Include domestic maids in Mother’s Day celebrations

Columnist Ravi Veloo of Today newspaper, argues for giving foreign domestic workers a treat on Mother’s Day too. Indeed, one of the greatest stumbling blooks to a more humane treatment of domestic maids is the insensitivity common among Singaporeans to the sacrifices made by these women.

In a separate article is a story about the difficulties of even giving them a mandatory day off. See here.

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Source: Today
10 May 2008

With love, your Mothernista
Let’s spare a thought this Mother’s Day for the women who take care of our children

Ravi Veloo

IT TOOK a few thousand years, but here we are: There is a Mother’s Day and a Happy Mother’s Day to all moms, not counting the Ministry of Manpower, which also calls itself MOM.

Hopefully, it won’t take long before we recognise that a lot of women who never had children of their own are also mothers of sorts to our children.

We call them aunties. However, I think they should be called mothernistas.

Mothernistas are unmarried women in Singapore who take care of their relative’s children as if they were their own. These women bathe them, feed them, entertain them and love them all the same.

These women get no recognition: They have no Aunties’ Day or Mothernista Day, except for the child’s affection, an umbilical cord of devotion. And maybe, that’s enough for them because they do not seem to ask for more.

The cynic would say: “But that’s what it’s all about, not mothering but a rent-a-kid deal, single women toying with the serious business of mothership. No need to take them so seriously”.

But any mother who shares a child with her sisters knows this is not true. Mothernistas love their sibling’s children like their own. Ask the child and see.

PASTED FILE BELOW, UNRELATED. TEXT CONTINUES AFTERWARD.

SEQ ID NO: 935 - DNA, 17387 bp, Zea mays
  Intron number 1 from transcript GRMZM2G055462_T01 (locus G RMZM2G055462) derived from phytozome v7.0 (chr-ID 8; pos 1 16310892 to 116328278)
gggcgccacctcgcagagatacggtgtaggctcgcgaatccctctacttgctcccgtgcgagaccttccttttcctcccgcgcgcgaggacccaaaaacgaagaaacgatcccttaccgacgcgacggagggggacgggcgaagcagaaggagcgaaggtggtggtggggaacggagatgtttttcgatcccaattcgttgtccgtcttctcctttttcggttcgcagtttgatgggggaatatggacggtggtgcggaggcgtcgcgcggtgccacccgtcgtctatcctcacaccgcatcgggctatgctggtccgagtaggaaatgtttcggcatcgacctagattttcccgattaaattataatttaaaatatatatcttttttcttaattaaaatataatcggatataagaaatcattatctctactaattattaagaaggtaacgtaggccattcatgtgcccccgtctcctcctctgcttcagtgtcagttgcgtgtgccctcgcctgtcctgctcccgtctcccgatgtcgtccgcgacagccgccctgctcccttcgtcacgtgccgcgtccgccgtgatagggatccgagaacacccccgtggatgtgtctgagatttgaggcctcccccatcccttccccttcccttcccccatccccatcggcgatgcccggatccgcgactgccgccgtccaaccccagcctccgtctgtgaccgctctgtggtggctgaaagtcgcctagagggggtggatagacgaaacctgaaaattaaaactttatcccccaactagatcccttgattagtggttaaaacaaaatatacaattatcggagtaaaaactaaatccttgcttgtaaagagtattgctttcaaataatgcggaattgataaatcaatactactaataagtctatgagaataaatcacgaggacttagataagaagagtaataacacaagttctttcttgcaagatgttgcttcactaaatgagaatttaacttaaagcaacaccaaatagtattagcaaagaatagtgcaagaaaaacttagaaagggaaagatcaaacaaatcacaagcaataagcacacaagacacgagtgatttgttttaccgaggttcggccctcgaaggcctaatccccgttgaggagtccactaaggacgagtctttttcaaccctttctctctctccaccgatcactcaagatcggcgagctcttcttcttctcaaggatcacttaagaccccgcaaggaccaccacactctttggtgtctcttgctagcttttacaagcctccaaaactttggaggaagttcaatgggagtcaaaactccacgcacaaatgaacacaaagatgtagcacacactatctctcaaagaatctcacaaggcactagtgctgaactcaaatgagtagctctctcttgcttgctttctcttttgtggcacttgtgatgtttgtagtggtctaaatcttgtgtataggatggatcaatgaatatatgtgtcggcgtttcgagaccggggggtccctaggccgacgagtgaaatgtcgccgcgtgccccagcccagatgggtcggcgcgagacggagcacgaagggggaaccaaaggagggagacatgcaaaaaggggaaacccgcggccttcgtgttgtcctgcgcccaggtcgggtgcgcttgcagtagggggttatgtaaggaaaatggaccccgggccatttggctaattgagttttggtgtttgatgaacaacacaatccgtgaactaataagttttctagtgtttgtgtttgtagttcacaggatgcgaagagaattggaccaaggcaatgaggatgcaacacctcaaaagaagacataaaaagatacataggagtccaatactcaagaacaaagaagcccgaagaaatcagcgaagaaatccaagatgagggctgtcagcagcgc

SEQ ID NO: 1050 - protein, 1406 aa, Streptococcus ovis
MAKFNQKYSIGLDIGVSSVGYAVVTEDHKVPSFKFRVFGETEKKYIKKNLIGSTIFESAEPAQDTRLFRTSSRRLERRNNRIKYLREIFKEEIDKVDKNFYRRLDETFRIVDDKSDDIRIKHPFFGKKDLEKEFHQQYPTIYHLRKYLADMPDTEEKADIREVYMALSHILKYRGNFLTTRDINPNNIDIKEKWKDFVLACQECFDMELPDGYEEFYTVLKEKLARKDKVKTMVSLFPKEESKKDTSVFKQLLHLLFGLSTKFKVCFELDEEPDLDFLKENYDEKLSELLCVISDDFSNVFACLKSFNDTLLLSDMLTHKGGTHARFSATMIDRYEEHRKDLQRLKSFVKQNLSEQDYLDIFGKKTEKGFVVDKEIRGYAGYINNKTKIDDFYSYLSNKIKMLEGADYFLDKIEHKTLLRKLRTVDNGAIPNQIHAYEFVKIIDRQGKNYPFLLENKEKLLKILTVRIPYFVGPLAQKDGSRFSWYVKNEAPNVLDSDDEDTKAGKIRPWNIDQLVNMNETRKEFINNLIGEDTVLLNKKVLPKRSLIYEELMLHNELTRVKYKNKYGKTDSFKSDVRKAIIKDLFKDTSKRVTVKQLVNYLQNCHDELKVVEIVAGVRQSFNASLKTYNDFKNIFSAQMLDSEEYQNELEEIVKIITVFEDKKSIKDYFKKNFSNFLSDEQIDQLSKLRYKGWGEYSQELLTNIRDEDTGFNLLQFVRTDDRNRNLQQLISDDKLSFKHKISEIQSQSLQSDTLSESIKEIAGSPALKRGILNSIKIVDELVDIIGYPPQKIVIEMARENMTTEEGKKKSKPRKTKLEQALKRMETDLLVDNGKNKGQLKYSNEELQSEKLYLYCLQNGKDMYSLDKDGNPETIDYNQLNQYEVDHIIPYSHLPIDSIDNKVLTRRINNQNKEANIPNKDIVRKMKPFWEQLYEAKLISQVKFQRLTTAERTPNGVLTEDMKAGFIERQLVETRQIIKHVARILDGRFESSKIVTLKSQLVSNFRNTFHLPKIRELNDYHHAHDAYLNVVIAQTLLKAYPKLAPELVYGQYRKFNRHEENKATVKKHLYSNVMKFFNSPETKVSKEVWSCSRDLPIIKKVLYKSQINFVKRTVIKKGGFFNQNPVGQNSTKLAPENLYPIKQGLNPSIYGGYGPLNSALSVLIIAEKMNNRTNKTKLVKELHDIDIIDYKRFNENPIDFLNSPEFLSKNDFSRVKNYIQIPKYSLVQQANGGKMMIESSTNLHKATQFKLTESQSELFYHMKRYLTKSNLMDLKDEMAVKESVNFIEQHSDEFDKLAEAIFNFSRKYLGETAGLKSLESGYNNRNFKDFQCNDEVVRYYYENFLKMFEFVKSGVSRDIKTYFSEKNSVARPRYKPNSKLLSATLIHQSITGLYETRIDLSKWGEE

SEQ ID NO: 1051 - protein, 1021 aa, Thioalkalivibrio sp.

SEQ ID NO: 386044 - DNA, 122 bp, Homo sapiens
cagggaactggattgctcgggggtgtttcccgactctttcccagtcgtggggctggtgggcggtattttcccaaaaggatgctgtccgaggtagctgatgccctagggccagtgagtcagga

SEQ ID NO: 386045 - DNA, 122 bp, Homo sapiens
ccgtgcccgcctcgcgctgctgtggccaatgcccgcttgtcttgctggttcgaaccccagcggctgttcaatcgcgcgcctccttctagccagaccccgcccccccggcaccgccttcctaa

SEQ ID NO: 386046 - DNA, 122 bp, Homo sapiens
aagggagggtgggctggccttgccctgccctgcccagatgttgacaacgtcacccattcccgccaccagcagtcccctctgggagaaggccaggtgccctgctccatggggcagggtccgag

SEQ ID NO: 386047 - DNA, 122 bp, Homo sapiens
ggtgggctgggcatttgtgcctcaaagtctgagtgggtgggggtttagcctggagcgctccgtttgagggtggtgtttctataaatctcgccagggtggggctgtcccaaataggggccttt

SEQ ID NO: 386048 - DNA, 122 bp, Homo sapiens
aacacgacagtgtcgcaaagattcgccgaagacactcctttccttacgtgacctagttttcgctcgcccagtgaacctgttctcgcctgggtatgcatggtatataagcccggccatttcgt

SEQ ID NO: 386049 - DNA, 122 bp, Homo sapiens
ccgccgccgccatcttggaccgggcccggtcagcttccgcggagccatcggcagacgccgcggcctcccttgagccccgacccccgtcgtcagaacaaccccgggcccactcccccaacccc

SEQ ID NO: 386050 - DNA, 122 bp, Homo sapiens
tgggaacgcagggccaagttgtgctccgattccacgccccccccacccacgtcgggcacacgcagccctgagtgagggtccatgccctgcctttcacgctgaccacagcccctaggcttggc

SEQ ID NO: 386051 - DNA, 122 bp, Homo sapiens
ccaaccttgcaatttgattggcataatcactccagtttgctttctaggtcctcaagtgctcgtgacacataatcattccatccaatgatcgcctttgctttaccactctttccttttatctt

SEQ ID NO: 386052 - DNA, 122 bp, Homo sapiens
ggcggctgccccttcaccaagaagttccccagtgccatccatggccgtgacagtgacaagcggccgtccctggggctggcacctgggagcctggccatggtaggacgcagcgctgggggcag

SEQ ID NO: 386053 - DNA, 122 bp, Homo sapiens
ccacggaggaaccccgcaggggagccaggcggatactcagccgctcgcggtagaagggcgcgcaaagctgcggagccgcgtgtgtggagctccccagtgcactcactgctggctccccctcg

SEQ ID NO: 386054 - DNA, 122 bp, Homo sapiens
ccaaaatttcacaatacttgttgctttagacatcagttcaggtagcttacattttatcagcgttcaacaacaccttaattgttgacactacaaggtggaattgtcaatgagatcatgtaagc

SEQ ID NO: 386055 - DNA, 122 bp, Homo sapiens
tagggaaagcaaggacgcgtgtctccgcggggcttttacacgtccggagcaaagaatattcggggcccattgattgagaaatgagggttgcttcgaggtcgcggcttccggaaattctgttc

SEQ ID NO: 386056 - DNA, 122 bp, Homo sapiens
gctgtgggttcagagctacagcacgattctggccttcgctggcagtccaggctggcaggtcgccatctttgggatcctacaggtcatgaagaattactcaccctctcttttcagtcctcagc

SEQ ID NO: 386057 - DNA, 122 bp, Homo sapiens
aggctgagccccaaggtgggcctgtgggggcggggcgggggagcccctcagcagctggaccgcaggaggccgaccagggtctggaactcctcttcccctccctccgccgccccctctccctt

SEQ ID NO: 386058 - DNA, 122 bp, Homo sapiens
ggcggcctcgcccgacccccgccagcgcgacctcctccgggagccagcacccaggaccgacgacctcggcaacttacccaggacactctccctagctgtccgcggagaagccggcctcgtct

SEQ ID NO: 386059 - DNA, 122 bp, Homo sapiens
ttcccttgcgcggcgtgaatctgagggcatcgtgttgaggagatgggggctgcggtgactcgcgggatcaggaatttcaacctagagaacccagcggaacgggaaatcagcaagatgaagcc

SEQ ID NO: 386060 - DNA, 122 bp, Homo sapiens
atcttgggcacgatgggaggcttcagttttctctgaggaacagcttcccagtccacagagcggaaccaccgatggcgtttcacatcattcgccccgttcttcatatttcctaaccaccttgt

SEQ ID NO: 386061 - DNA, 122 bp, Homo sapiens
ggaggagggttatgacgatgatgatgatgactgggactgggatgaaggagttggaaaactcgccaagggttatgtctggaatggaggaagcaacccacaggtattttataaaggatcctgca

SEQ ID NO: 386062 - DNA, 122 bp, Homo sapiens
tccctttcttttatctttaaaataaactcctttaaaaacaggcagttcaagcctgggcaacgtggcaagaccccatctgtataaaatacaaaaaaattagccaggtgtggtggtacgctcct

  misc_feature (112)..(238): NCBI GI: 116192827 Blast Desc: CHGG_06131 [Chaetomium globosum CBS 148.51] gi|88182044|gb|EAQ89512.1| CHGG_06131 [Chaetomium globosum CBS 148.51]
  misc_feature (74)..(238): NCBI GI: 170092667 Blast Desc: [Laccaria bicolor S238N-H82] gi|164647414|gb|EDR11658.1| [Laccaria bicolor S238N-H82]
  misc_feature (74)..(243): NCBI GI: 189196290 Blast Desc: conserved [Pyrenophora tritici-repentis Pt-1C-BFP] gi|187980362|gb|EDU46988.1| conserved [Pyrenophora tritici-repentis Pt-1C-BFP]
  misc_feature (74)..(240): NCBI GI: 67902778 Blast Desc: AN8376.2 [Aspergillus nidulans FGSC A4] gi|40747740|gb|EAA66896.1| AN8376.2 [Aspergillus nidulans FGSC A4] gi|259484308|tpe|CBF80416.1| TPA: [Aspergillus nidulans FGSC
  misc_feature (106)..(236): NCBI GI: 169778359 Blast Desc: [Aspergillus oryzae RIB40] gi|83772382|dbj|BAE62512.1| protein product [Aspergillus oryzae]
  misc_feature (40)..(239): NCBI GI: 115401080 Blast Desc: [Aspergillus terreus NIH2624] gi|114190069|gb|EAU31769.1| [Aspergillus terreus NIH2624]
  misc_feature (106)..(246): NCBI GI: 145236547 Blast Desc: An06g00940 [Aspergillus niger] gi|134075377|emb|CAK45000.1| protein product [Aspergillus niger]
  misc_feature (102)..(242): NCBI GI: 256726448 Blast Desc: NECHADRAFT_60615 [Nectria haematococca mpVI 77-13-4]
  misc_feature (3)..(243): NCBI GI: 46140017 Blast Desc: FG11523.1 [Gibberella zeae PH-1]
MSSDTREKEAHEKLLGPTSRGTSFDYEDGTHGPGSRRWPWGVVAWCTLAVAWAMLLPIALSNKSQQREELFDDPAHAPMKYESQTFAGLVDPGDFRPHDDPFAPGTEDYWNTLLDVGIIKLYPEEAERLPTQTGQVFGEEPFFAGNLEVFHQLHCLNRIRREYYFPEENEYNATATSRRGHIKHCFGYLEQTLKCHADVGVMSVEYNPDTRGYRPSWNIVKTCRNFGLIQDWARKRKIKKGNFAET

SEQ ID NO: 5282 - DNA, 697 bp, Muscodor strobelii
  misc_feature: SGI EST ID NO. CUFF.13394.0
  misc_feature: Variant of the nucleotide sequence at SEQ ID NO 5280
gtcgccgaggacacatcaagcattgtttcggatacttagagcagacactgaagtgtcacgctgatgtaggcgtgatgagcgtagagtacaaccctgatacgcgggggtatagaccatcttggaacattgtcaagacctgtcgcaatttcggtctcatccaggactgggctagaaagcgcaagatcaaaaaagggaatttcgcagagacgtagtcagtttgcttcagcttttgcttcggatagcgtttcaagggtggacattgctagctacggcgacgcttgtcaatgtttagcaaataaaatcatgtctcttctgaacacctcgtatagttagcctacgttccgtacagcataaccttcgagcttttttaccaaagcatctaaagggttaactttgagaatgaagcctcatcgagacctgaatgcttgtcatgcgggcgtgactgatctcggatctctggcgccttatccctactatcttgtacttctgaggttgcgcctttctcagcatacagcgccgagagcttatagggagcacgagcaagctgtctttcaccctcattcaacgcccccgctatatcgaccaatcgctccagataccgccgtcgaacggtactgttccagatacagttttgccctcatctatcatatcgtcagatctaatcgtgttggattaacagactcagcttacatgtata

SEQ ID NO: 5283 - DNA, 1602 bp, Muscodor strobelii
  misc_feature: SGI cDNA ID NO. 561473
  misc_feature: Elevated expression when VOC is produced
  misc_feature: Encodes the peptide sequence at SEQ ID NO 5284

So let’s spare a thought this Mother’s Day for these permanent residents of motherhood. No voting rights for them, they seldom get a say in the way the child grows up, but they always seem to be there for their nephews and nieces.

Another group of mothers much in the news recently are our maids.

Talk about sacrifice. Most of them leave their children back home to take care of our children for nothing more than a pittance. You would think an immigrant nation such as ours would understand what this means, but just look at how long it took us to give them the legal right to have just one day off a month.

Their lot is nothing less than indentured labour, or slavery with an exit pass. Sure, some bosses have problems with their domestic helpers, but most of them are the ones we trust to bathe, feed and care for our children every day.

If only Singaporeans would treat their maids to Mother’s Day too, remembering what our mothers and grandmothers went through to bring us here. Wouldn’t that be nice?

The writer is a media consultant.

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